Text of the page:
Terry’s Blog #2 – First Dragonflies of the Year
I decided to pay a visit today to Little River Pond to look for the first emerged dragonflies of the spring. I had been there four days earlier but had not seen any, but with the warm weather we have had for the last three days I was hoping that they had started to emerge by now. Before talking about the dragonflies though, I should give those not familiar with Little River Pond a brief introduction to the area. The name is of my own making as, to the best of my knowledge, there is no official name for the pond. It sits however in the middle of Little River Nature Park. The park is located about a kilometer down island from the Little River – Powell River ferry terminal on Wilkinson Road just up island from Comox. The main feature is the pond, which is actually an old gravel pit that has been allowed to revert to a natural state. It hosts a good selection of birds with 72 species having been recorded there to date, but what draws me to the area most is the 18 species of dragonflies that I have seen there. More information on the park can be found here www.comoxvalleynaturalist.bc.ca/nature-viewing-guide/2-comox-peninsula-area/little-river-nature-park on the Comox Valley Naturalists’ Society website.
So my main purpose was to find the earliest of emerging dragonflies in the area, and I was successful. In recent years I have become quite passionate about dragonflies and dragonfly photography. My goal is to eventually see and photograph all 41 species that have been recorded for Vancouver Island. Anyone wishing to see more of my dragonfly photographs can see them here: http://terrythormin.smugmug.com/InsectsandSpiders/Dragonflies-and-Damselflies/Insects-and-Spiders/15660823_gqX6pN#!i=1181854389&k=sgtns . As well I want to get a feel for the behaviour, habitat and flying season for the various species. In southern B.C. the two species that emerge first in the spring are the Four-spotted Skimmer and the California Darner. With an early spring the darner can appear as early as mid April and the skimmer by late April, but this year was a late spring so mid May is just about right.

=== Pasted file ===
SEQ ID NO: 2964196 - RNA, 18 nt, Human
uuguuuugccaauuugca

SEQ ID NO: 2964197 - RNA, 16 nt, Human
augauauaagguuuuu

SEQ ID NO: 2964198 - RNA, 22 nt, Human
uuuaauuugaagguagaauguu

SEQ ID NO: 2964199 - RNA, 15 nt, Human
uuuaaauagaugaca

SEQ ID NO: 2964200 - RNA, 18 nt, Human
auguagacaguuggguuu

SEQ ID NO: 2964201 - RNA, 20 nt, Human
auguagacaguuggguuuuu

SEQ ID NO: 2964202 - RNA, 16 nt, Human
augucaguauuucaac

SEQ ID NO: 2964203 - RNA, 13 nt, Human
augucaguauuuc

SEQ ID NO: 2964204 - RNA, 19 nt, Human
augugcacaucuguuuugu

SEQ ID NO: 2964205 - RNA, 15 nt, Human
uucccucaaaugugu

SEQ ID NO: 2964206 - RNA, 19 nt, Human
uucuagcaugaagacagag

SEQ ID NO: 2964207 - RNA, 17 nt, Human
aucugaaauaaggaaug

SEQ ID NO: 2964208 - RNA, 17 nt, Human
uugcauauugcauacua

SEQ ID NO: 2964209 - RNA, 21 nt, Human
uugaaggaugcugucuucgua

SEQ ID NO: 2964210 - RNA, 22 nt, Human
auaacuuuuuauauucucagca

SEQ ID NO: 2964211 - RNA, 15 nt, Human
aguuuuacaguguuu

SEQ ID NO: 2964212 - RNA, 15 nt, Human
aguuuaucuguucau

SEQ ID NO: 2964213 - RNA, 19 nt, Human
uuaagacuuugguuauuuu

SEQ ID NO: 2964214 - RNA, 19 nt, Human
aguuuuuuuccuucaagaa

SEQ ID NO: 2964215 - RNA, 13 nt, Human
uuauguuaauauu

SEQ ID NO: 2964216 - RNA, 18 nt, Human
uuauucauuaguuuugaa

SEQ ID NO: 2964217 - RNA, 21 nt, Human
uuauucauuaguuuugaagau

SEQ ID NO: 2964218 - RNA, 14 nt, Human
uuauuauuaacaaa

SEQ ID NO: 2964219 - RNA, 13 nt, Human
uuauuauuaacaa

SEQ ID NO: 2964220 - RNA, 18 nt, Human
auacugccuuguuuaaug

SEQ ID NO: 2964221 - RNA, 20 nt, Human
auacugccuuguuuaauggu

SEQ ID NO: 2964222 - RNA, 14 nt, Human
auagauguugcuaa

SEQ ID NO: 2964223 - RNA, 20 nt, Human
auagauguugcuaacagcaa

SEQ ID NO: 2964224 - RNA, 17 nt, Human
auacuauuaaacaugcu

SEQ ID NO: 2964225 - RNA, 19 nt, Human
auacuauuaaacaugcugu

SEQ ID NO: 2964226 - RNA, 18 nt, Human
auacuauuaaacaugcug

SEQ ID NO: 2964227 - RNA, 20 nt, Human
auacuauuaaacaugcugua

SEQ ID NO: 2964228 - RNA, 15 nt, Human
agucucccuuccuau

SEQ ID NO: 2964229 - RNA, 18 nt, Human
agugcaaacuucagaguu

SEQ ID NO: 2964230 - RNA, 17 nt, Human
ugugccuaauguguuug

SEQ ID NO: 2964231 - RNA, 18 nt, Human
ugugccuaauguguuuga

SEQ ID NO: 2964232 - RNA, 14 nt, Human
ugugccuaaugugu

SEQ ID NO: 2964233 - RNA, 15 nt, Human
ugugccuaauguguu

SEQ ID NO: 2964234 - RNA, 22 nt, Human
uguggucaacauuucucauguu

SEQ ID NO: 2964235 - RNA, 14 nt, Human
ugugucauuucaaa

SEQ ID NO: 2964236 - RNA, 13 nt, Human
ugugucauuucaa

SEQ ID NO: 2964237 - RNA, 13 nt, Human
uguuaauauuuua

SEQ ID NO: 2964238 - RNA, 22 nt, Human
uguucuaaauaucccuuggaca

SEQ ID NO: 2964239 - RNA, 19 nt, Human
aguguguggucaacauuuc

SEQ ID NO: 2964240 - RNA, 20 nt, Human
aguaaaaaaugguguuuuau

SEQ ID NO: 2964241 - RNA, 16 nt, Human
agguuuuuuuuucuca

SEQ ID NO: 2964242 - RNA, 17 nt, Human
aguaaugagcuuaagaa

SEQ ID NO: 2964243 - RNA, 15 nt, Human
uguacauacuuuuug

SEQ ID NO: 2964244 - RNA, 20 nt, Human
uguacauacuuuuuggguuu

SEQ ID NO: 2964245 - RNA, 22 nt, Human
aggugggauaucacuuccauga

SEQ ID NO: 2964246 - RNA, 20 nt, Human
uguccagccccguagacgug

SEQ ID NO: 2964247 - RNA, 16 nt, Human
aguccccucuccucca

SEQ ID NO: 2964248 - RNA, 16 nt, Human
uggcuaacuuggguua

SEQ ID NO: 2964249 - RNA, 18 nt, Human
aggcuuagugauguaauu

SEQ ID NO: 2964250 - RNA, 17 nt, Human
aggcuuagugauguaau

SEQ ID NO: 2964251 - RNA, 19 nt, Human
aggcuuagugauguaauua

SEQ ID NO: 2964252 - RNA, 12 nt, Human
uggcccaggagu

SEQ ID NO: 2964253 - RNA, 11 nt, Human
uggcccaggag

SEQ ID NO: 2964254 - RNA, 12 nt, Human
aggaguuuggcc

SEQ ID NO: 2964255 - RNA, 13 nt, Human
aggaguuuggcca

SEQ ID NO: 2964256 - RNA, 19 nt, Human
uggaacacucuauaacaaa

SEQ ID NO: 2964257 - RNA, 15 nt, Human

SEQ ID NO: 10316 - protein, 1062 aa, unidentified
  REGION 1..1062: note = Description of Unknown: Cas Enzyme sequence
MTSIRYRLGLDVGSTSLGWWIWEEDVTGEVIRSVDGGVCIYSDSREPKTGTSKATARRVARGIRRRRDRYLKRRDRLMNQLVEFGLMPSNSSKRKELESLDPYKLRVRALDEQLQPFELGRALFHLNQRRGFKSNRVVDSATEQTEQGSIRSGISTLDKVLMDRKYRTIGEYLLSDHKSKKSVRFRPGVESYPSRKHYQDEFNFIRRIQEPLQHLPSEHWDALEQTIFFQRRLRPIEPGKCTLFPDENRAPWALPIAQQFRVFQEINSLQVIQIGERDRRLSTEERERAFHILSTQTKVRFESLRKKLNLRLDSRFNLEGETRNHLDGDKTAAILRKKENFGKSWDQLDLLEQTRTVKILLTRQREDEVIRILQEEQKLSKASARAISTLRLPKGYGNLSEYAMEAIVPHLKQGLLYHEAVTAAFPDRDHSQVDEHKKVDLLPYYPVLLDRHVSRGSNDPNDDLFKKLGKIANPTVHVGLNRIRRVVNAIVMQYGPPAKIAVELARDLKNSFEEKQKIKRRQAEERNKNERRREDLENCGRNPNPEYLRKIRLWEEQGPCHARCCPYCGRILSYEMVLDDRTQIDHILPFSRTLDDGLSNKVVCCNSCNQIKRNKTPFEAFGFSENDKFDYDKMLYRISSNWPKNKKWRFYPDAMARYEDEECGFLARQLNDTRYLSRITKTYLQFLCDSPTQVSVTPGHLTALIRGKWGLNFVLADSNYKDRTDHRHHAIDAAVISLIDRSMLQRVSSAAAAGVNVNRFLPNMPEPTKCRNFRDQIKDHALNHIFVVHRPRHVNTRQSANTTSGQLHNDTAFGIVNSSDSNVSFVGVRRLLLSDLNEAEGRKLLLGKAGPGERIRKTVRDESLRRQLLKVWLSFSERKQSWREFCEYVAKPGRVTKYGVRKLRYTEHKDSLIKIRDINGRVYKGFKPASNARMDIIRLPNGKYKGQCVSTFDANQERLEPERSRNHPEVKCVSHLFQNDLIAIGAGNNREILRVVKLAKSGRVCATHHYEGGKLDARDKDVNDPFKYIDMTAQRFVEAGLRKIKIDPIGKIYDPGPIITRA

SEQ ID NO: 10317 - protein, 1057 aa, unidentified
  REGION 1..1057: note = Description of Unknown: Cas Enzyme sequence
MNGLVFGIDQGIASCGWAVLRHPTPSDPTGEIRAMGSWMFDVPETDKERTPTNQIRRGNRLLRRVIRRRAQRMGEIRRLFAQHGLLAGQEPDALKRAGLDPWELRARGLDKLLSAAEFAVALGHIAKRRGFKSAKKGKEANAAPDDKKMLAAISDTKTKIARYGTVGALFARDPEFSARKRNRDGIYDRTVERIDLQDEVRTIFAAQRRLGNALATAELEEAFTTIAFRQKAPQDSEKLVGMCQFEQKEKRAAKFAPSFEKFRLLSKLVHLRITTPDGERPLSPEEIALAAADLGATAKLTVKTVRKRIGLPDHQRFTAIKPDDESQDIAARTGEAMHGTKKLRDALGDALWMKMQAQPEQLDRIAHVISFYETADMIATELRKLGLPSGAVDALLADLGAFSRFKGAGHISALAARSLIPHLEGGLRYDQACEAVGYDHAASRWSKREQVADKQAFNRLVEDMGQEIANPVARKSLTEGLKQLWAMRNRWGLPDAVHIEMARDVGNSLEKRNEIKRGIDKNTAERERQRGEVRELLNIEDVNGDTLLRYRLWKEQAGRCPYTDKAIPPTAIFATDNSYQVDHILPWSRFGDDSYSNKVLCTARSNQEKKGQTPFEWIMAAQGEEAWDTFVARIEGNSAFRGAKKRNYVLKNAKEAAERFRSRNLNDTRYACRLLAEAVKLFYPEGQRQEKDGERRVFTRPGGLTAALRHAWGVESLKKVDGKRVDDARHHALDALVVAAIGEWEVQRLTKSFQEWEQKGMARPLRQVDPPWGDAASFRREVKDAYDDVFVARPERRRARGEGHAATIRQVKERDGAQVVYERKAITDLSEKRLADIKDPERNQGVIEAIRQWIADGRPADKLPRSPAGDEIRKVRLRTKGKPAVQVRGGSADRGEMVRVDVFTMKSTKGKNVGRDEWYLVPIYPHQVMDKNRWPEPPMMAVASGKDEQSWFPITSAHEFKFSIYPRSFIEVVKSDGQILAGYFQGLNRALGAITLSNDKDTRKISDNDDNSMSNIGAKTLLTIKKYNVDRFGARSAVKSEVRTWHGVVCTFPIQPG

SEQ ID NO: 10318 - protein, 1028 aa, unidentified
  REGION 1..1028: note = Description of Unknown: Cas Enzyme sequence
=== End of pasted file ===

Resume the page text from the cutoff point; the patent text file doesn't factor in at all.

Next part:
I saw a total of four skimmers at one time and I am sure that there were many more in the area. Already one female was laying eggs and another was mating with a male. The female Four-spotted Skimmer oviposits in shallow water near the shore by dipping the tip of her abdomen in the water while in flight and depositing the eggs singly. During this process the male often flies over her, protecting his sperm investment from other males. Males spend most of their time patrolling lakes and ponds looking for females to mate with, while females often fly considerable distances from ponds in search of food, only returning to the water when they are ready to mate and lay eggs. Males will establish territories around the edges of ponds, occupying favorite perches and chasing other males, and even other species away. This species rarely hovers for more than a second or two and thus is very difficult to photograph in flight. Photographing it perched however is generally quite easy as it often allows the photographer to approach it closely before taking flight. The four-spotted Skimmer is found right across Canada and ranges as far north as the northern edge of the boreal forest.
The California Darner is the smallest darner on Vancouver Island, being only marginally larger than the Four-spotted Skimmer. Because of this it is fairly easy to identify in the field. Of course at this time of year it is the only darner flying making identification much easier. Photographing it on the other hand is a major challenge. In flight it tends to stay low and generally flies through the emergent vegetation. It also never really hovers the way most darners do, at best pausing for a fraction of a second before moving on. When it perches, it generally does so in low, herbaceous vegetation, which makes for a cluttered background. I did not get a photograph of the only one I saw today, and in fact the only photo I have is a rather poor one I took last year, but I have posted it here to give everyone an idea of what it looks like. This species is strictly western in distribution and ranges from southern California to southern British Columbia. On Vancouver Island we are at the northern limit of its range in the Comox Valley.
Unfortunately I will probably have to wait at least another month before the next dragonfly emerges, so in the meantime I will be trying to get in-flight shots of the skimmer and at least one good shot of the darner perched. To be honest though, there is something almost spiritual about sitting in a camp chair beside a beautiful pond and watching numerous dragonflies go about their business, darting back and forth defending their territories, mating, laying eggs that will become the next generation. They give me many hours of pleasure even if I never get a single photo. I feel like I am truly the watcher at the pond.